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PARIS -- A U.N. court Wednesday increased the sentence of Radovan Karadzic, the former Bosnian Serb leader, from 40 years to life in prison for his role in the Bosnian war of the 1990s, reaffirming his conviction on charges of genocide, war crimes and crimes against humanity.

Both the prosecution and the defense had appealed the 2016 result of Karadzic's trial before the U.N. Criminal Tribunal for the Former Yugoslavia, in The Hague, Netherlands. Karadzic, who largely acted as his own lawyer in court, had asked to be acquitted of all charges.

The prosecution sought an increase in his sentence -- a largely symbolic move, because Karadzic, 70 at the time of the verdict, was unlikely to live long enough to serve out his lengthy sentence. The court's decision Wednesday to raise the penalty drew cheers and applause from Bosnians watching in the gallery.

The five-judge panel decided 3-2 that it was unreasonable for Karadzic to receive a 40-year sentence when some of his subordinates had been sentenced to life for their roles in the same atrocities, particularly the July 1995 massacre in and around the town of Srebrenica. The defendant watched calmly as the decision was delivered.

Prosecutors had asked the court for an additional genocide verdict in the case, based on events in seven Bosnian towns where tens of thousands of people were killed, but the panel rejected that request, which had been the subject of intense debate among lawyers, human-rights groups and victims.

During the war, which raged from 1992 to 1995, Karadzic was president of Republika Srpska, the region that tried to break away from Bosnia, where violence carried out by the dominant Serbs forced out much of the Croat and Muslim population.

His trial, followed by the three years of appeals, was the most important in the 23-year history of the U.N. tribunal and was widely seen as a test of whether the modern international criminal justice system could impose accountability on wartime leaders.

The proceedings thoroughly investigated the bloodiest conflict in Europe since World War II, which tore apart Yugoslavia, ravaged several of the smaller nations that emerged from it and left more than 100,000 people dead. Among the Balkan combatants -- Serbia, Bosnia, Kosovo and Croatia -- millions of people were displaced, many of them forced from their homes.

The tribunal has tried many figures for crimes in the wars that broke up Yugoslavia. Karadzic and Gen. Ratko Mladic, the former Bosnian Serb commander, are the most senior figures to be convicted. Slobodan Milosevic, the Serbian president whose extreme nationalism instigated and enabled the bloody conflict, died in 2006 in his cell in The Hague before the end of his trial.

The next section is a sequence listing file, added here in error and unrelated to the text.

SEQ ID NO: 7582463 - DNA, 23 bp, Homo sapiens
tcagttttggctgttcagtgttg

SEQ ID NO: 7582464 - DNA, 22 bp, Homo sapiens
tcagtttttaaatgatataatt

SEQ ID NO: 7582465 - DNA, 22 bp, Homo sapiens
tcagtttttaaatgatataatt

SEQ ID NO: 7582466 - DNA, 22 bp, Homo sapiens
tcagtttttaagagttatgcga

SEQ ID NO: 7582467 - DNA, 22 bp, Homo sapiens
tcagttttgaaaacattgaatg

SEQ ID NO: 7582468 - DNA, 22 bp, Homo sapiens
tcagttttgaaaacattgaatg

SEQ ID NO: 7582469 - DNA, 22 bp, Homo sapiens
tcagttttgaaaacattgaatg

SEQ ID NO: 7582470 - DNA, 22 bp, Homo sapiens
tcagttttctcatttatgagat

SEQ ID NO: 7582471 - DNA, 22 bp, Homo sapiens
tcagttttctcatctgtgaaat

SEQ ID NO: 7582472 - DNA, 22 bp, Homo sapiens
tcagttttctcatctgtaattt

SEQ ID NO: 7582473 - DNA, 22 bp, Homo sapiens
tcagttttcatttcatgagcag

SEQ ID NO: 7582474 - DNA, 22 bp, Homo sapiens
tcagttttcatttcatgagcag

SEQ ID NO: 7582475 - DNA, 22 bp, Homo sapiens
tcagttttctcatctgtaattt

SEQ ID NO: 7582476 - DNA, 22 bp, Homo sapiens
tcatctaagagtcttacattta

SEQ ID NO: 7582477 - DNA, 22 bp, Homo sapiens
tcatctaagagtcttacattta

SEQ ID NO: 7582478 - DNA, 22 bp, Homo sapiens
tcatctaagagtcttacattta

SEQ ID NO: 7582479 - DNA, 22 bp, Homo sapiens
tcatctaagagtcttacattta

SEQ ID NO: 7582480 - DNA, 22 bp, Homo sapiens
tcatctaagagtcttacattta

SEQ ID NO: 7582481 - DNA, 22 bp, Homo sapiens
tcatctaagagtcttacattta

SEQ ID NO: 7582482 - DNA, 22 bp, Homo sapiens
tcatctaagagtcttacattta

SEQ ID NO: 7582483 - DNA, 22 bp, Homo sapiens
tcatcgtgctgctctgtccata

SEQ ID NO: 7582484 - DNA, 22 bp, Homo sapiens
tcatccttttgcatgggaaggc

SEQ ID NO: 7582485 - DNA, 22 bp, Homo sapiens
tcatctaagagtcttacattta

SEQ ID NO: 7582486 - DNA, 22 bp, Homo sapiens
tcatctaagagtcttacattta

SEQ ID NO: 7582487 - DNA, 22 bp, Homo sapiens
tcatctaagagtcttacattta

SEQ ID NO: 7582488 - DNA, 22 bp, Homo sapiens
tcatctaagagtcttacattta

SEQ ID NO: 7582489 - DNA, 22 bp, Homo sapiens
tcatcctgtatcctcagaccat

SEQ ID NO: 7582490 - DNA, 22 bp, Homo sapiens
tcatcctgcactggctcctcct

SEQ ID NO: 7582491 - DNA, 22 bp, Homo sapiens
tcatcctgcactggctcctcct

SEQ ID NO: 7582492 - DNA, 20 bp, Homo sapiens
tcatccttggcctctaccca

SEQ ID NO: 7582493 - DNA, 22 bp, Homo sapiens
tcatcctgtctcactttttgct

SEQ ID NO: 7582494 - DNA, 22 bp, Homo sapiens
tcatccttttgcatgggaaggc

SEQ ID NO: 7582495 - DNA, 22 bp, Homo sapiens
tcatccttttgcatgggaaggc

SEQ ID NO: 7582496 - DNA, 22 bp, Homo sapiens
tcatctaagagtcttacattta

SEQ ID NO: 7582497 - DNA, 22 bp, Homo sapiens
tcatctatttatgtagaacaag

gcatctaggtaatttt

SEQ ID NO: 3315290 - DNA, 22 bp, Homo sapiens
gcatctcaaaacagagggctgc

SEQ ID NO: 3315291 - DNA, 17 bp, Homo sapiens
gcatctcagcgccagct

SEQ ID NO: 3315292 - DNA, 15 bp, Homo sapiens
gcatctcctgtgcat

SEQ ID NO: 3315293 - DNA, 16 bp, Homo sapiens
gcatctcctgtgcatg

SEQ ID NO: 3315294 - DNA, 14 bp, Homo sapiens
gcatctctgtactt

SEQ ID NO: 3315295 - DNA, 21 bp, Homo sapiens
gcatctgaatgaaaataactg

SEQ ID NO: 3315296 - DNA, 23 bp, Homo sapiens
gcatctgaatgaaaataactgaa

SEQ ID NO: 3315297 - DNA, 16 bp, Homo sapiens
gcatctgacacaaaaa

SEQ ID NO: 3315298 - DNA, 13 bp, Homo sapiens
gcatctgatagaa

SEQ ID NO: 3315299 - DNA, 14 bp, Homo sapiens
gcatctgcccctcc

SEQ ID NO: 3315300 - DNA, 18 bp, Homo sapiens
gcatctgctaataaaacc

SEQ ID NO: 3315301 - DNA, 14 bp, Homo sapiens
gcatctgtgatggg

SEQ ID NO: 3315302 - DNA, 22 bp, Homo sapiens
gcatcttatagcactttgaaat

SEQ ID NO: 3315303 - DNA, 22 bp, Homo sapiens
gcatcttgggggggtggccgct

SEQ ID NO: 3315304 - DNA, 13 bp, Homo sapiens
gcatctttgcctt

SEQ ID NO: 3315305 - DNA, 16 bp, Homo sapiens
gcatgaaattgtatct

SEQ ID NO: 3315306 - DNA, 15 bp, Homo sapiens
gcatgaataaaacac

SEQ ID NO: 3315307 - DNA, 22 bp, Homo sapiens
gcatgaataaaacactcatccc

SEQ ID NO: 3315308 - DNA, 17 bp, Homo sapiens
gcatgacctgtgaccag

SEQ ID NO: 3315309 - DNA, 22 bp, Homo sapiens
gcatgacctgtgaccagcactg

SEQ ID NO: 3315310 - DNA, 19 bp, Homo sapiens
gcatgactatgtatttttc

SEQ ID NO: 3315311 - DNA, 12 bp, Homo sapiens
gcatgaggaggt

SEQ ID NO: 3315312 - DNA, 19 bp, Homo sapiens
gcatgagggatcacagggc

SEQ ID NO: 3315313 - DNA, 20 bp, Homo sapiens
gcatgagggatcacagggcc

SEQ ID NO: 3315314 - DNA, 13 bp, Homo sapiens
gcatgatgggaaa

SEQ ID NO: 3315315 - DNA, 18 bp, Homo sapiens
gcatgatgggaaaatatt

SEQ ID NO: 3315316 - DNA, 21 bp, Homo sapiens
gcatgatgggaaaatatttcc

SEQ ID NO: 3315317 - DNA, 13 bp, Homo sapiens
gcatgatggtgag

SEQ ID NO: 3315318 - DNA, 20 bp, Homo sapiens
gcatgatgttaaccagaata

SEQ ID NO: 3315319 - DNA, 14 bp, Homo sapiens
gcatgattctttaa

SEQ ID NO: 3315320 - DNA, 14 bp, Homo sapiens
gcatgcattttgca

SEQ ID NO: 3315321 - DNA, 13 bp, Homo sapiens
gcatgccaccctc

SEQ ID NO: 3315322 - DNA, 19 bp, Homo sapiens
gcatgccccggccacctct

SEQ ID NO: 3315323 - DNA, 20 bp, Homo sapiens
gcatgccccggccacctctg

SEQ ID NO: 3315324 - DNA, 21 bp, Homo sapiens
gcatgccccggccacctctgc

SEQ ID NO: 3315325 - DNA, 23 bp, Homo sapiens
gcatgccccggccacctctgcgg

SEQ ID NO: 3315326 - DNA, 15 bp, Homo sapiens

The genocide charges against Karadzic dealt partly with the Srebrenica massacre, when 8,000 Bosnians, mostly men and boys, were rounded up and systematically killed.

Members of the Mothers of Srebrenica, an organization of survivors of Srebrenica and a nearby village, Zepa, were present at The Hague on Wednesday.

The appeals were little covered by the media in Serbia, where The Hague's tribunal is widely viewed as anti-Serb. Serb leaders in Bosnia denounced Wednesday's decision as proof of the court's bias, claiming that the tribunal was not interested in crimes committed against Serbs.

Serge Brammertz, the chief prosecutor, said in a statement: "Opponents of the tribunal will claim that this judgment is a verdict against the Serbian people. I reject that in the strongest terms. Karadzic's guilt is his, not his community's."

He said he was satisfied with the court's decision.

Karadzic, who in the past has called the war crimes "myths," felt moral responsibility for the atrocities, but not "individual criminal responsibility," one of his lawyers, Peter Robinson, said Wednesday.

The appeals ruling is final. Karadzic will serve his sentence in one of the European countries that have agreed to take tribunal prisoners.

A Section on 03/21/2019

Print Headline: Karadzic's new sentence life for Bosnian war crimes

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